New Western Railway Terminal at Rákosrendező

Relocating the Western Railway Terminal from the inner city was a widely debated concept in the early 20th century. The development of the metropolis entailed an increase in the value of the immense railway area reaching deep in the heart of the city, reaching as far as the line of the Grand Boulevard, while the terminal’s capacity could not be further increased on this site.

The usual pros and cons were already voiced in the debate: the location further out of the city centre would be less easily accessible for passengers but there is no justification for having for warehouses, rail yards and loading facilities taking up half of the district in the middle of the city. Also, the fact that the railway line separated parts of the city was an additional source of complications.

In 1902, Szilárd Zielinski proposed relocating most of the railway functions requiring large areas to a new Northern Railway Terminal. In the very same year, an architectural design competition called for designs for a 12-track passenger railway station with Rákosrendező as its likely imaginary site.

Between 1901 and 1904, MÁV began relocating the functions that were causing most inconvenience. The coal yard and the running shed were moved to the Northern Freight Yard after 1908. The building complex of the Northern Running Shed constructed on the site is currently home to the Hungarian Railway History Park. Technical counsellor Ferenc Devecis prepared the plan for relocating the Western Railway Terminal from the city centre. It was approved by the government and the acquisition of land got under way. During the planning for the new central railway terminal in 1912, only four tracks and the railway station building of the Western Railway Terminal were expected to remain in place.

However, the planning was interrupted by the outbreak of the Great War. Moving the Western Railway Terminal up north, or even its conversion into a main railway terminal, kept cropping up from time to time, but without any real chance of being implemented, as today the greatest value is the very fact that the railway actually reaches the Grand Boulevard and a metro station.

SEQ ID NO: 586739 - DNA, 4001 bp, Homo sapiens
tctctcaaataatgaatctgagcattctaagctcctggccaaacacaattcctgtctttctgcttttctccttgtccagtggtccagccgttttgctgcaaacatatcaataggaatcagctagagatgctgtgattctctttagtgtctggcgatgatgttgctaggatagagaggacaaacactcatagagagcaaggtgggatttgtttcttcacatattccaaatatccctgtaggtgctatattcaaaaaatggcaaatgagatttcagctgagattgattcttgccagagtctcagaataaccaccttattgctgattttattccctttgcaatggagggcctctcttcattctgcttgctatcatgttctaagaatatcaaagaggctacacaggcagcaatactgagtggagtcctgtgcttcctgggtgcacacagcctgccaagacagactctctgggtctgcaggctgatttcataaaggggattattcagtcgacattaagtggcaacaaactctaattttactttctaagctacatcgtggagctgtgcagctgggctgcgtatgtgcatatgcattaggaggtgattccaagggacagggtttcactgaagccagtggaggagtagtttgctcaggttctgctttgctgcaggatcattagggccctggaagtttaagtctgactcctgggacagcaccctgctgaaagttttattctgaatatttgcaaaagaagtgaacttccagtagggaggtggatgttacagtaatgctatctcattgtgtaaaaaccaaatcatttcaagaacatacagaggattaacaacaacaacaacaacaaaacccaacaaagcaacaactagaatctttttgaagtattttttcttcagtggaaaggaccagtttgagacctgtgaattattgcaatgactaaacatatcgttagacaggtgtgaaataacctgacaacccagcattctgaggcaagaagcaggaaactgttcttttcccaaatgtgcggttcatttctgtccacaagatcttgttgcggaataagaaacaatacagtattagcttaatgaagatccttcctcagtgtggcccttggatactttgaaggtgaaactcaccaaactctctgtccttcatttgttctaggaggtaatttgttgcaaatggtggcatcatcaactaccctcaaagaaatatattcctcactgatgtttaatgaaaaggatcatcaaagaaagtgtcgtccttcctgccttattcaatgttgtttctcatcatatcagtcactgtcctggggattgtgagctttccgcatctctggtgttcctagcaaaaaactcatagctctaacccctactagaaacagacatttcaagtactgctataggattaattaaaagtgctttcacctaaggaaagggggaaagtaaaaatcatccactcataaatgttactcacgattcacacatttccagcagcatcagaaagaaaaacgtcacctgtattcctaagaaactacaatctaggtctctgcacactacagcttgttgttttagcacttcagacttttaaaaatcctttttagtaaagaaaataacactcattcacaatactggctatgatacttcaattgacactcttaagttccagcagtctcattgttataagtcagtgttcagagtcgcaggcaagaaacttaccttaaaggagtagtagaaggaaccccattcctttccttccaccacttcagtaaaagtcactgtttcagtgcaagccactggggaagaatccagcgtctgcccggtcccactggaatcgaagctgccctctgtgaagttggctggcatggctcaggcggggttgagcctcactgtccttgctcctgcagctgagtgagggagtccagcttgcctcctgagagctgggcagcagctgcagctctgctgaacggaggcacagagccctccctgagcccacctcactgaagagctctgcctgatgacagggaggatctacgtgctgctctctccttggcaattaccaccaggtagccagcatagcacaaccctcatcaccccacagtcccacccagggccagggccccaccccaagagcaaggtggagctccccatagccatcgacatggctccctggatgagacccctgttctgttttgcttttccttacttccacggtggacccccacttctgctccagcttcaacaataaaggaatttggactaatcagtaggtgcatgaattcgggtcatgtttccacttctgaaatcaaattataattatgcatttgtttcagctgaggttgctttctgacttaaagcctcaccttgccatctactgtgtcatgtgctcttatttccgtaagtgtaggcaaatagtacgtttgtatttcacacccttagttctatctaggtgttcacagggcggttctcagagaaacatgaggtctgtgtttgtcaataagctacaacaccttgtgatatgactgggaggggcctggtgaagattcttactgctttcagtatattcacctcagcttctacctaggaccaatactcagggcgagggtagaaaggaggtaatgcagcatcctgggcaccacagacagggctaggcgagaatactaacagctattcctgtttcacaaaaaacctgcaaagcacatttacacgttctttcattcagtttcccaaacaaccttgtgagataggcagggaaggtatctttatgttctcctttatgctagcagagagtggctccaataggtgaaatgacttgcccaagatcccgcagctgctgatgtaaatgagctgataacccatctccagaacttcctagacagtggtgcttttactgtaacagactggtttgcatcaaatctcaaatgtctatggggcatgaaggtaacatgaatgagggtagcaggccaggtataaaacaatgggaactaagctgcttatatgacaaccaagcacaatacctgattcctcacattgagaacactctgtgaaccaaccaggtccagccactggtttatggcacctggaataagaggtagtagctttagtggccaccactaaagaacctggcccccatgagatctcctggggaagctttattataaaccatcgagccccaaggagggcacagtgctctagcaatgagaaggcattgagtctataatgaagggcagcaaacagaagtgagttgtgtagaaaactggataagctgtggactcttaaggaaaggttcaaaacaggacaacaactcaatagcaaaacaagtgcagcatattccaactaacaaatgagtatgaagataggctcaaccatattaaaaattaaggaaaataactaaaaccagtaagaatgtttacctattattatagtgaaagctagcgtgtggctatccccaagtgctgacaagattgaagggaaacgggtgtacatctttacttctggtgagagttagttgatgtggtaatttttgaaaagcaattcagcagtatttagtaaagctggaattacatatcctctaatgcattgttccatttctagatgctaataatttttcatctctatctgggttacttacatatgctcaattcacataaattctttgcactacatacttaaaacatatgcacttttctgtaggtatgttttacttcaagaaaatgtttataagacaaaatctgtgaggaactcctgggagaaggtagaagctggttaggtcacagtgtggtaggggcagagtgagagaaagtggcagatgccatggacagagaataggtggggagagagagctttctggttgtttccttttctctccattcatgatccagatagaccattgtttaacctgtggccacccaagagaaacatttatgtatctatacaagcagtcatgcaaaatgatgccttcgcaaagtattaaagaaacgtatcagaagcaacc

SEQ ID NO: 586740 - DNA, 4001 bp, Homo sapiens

“Anyone who has seen the neighbourhood even only once will not be surprised to hear that the Western Railway Terminal is like an artificial barricade dividing two rapidly developing and densely populated districts, Leopold and Theresa Towns, and that these two urban areas can never grow together as long as the Western Railway Terminal is on its current site.”

An article from the periodical Budapesti Napló from 1900 arguing for the need to move the Western Railway Terminal out of the city centre.


(1)    The construction of the Northern Running Shed in 1911: with the construction of the coal yard and a new running shed, the most disruptive functions of the Western Railway Terminal were moved out of the city centre.

(2)    An aerial photo taken of Rákosrendező in 1944 shows that rail network nearly of the size of a major terminal was available at that time.

(3)    Architect József Vágó still contemplated the idea of relocating the Western Railway Terminal further out of the city and the construction of a new railway terminal even between the two World Wars. The photo of his plaster model appearing in 1938 in the daily Friss Újság shows that the façade of the new railway station would have faced the avenue running along the route of Ferdinand Bridge that was to be demolished. Realising that the plan would have freed up a substantial area occupied by the railways for urban development behind Eiffel Hall.